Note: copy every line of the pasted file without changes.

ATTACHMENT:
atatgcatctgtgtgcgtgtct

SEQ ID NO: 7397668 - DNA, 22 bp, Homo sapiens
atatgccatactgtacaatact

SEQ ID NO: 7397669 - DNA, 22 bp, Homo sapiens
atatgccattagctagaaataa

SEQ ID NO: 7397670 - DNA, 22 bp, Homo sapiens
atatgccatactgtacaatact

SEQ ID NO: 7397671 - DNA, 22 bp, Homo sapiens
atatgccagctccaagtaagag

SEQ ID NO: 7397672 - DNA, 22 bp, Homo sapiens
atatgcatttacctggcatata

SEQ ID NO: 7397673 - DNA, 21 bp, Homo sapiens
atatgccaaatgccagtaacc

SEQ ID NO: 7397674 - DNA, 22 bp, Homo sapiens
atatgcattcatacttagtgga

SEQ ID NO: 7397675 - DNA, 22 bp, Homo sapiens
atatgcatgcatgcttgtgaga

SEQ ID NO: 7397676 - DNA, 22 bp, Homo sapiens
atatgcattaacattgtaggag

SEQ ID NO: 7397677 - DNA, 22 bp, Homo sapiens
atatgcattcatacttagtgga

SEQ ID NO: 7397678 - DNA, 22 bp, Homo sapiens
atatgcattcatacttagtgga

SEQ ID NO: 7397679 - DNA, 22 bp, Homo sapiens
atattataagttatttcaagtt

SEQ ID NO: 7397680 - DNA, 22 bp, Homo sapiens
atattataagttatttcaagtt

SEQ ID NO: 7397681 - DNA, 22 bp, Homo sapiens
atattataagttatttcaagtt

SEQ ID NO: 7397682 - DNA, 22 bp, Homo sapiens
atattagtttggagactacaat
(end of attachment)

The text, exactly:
atatgcatctgtgtgcgtgtct

SEQ ID NO: 7397668 - DNA, 22 bp, Homo sapiens
atatgccatactgtacaatact

SEQ ID NO: 7397669 - DNA, 22 bp, Homo sapiens
atatgccattagctagaaataa

SEQ ID NO: 7397670 - DNA, 22 bp, Homo sapiens
atatgccatactgtacaatact

SEQ ID NO: 7397671 - DNA, 22 bp, Homo sapiens
atatgccagctccaagtaagag

SEQ ID NO: 7397672 - DNA, 22 bp, Homo sapiens
atatgcatttacctggcatata

SEQ ID NO: 7397673 - DNA, 21 bp, Homo sapiens
atatgccaaatgccagtaacc

SEQ ID NO: 7397674 - DNA, 22 bp, Homo sapiens
atatgcattcatacttagtgga

SEQ ID NO: 7397675 - DNA, 22 bp, Homo sapiens
atatgcatgcatgcttgtgaga

SEQ ID NO: 7397676 - DNA, 22 bp, Homo sapiens
atatgcattaacattgtaggag

SEQ ID NO: 7397677 - DNA, 22 bp, Homo sapiens
atatgcattcatacttagtgga

SEQ ID NO: 7397678 - DNA, 22 bp, Homo sapiens
atatgcattcatacttagtgga

SEQ ID NO: 7397679 - DNA, 22 bp, Homo sapiens
atattataagttatttcaagtt

SEQ ID NO: 7397680 - DNA, 22 bp, Homo sapiens
atattataagttatttcaagtt

SEQ ID NO: 7397681 - DNA, 22 bp, Homo sapiens
atattataagttatttcaagtt

SEQ ID NO: 7397682 - DNA, 22 bp, Homo sapiens
atattagtttggagactacaat